At the risk of pun, I’ve for years suggested that one of the keys to the ‘timeless’ nature of James Bond stories is the way in which they fundamentally pit hero against the clock. ‘Thrillers,’ as 007 author-creator Ian Fleming labeled them, that build to climax by creating races against time.
‘Time,’ too, that is environment.
When are the ‘scent and smoke and sweat of a casino’ nauseating? The answer, as Fleming himself wrote for his 1953 Casino Royale: ‘at three in the morning.’
Each of the first three EON Productions James Bond movies featured a signature countdown.
Think of Dr No and you invariably recall hearing that ominous voiceover announcing a reference to time, ‘and counting.’ In From Russia with Love and in Goldfinger, we are shown a close-up of Bond’s Submariner, as if to see through his eyes and thus feel what he feels in anticipation of explosions that James Bond himself has set to come at the Russian Embassy.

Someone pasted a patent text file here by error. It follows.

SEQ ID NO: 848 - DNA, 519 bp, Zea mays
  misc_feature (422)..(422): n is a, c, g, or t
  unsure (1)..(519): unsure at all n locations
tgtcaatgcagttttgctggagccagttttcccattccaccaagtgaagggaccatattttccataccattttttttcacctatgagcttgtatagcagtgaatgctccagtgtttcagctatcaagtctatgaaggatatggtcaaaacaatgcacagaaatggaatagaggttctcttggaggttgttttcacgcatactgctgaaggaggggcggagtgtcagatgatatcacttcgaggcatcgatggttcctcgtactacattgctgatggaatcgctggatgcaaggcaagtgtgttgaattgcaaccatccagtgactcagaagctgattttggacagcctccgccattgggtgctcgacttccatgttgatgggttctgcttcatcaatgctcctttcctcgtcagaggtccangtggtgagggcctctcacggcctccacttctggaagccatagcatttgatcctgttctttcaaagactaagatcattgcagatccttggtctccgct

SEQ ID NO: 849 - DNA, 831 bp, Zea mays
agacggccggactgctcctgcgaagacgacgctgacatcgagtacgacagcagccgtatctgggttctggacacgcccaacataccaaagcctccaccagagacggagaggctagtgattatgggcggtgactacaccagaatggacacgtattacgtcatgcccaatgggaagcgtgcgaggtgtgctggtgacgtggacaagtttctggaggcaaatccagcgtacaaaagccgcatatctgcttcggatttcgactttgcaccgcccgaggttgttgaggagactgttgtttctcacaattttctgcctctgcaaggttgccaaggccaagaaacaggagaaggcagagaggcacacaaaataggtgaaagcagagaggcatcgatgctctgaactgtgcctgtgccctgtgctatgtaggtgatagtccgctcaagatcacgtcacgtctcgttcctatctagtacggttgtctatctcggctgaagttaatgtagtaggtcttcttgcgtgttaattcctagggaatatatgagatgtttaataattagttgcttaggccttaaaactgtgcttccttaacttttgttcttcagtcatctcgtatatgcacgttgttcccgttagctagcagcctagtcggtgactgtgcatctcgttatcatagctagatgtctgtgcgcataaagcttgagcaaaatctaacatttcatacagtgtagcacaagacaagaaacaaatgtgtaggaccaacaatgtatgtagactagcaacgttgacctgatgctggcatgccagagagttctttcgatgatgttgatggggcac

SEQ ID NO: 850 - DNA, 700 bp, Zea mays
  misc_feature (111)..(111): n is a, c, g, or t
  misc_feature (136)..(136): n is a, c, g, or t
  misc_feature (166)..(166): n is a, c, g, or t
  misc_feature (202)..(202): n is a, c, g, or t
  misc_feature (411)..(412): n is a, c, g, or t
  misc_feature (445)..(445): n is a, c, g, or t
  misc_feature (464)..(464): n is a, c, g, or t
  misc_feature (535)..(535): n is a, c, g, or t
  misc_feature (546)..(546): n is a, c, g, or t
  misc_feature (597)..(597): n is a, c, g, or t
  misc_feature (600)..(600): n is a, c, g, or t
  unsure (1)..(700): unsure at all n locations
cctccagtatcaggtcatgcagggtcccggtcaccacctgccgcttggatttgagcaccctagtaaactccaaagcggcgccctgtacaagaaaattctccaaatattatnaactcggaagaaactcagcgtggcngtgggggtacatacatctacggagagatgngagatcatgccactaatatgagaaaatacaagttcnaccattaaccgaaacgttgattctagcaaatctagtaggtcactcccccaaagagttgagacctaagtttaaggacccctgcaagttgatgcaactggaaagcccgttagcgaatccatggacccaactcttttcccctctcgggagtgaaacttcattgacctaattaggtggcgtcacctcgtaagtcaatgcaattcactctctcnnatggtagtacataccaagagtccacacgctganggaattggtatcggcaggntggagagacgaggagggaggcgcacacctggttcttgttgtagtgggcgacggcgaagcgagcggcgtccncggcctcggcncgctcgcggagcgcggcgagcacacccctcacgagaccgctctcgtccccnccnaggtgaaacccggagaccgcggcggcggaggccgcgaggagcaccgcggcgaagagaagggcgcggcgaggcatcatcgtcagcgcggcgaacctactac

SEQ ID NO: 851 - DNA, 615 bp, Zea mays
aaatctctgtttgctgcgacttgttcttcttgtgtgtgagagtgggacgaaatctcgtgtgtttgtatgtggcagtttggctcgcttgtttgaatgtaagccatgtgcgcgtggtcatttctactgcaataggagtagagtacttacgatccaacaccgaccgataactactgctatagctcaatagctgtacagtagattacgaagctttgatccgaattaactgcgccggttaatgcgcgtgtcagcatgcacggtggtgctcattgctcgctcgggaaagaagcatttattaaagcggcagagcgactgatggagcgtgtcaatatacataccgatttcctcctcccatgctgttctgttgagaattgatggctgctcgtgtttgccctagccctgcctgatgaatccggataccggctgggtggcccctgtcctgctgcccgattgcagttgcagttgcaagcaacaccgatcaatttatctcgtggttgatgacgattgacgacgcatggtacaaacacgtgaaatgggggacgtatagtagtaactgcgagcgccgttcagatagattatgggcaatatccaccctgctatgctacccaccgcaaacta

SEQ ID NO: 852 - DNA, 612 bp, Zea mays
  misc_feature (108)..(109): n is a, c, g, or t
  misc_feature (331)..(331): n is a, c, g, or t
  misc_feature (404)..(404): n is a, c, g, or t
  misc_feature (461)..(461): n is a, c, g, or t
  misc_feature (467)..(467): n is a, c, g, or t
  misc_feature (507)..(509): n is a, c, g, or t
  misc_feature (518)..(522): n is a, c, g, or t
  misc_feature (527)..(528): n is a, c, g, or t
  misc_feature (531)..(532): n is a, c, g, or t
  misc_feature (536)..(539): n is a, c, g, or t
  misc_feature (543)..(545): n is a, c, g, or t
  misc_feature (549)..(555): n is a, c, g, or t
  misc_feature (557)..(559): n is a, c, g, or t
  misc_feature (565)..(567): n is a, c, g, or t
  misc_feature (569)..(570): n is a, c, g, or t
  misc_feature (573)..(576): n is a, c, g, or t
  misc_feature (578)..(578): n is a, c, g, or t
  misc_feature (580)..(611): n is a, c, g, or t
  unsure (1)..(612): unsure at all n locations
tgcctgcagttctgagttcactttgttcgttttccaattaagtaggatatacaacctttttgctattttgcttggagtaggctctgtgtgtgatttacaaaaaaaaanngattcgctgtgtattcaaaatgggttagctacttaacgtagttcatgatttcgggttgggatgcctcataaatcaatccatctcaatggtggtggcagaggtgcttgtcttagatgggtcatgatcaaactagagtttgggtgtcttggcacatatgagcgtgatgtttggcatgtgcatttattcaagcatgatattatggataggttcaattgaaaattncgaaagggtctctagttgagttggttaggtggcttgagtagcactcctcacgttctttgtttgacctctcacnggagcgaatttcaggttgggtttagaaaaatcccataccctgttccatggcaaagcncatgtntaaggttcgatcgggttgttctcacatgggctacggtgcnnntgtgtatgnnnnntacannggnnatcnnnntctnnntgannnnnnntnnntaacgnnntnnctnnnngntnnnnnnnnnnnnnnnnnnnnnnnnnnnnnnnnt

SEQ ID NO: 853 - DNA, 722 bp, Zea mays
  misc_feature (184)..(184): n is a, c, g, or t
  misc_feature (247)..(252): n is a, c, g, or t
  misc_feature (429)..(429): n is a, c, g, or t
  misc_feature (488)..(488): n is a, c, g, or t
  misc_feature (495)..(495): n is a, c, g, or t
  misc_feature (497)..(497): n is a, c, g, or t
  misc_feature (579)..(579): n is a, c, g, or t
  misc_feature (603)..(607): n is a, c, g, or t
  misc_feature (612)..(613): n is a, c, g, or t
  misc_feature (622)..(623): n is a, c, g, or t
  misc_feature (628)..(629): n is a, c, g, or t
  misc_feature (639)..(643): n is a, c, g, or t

Fast-forward to 2006 and the James Bond watch has become so much a part of who and what Our Man is that we no longer need to see it in order to see it. As 007 dives under the water in despirate effort to rescue Vesper, you have to wonder what his Seamaster needs to tell him about the time he has left in holding his breath.
When Bond asks Felix Leiter at the seedy bar where they’re meeting in Quantum of Solace, ‘How long have I got?’ don’t tell me you haven’t found your mind pre-conditioned and set for a close-up on the face of the Planet Ocean when you hear the reply: ‘Thirty seconds.’
— James Bond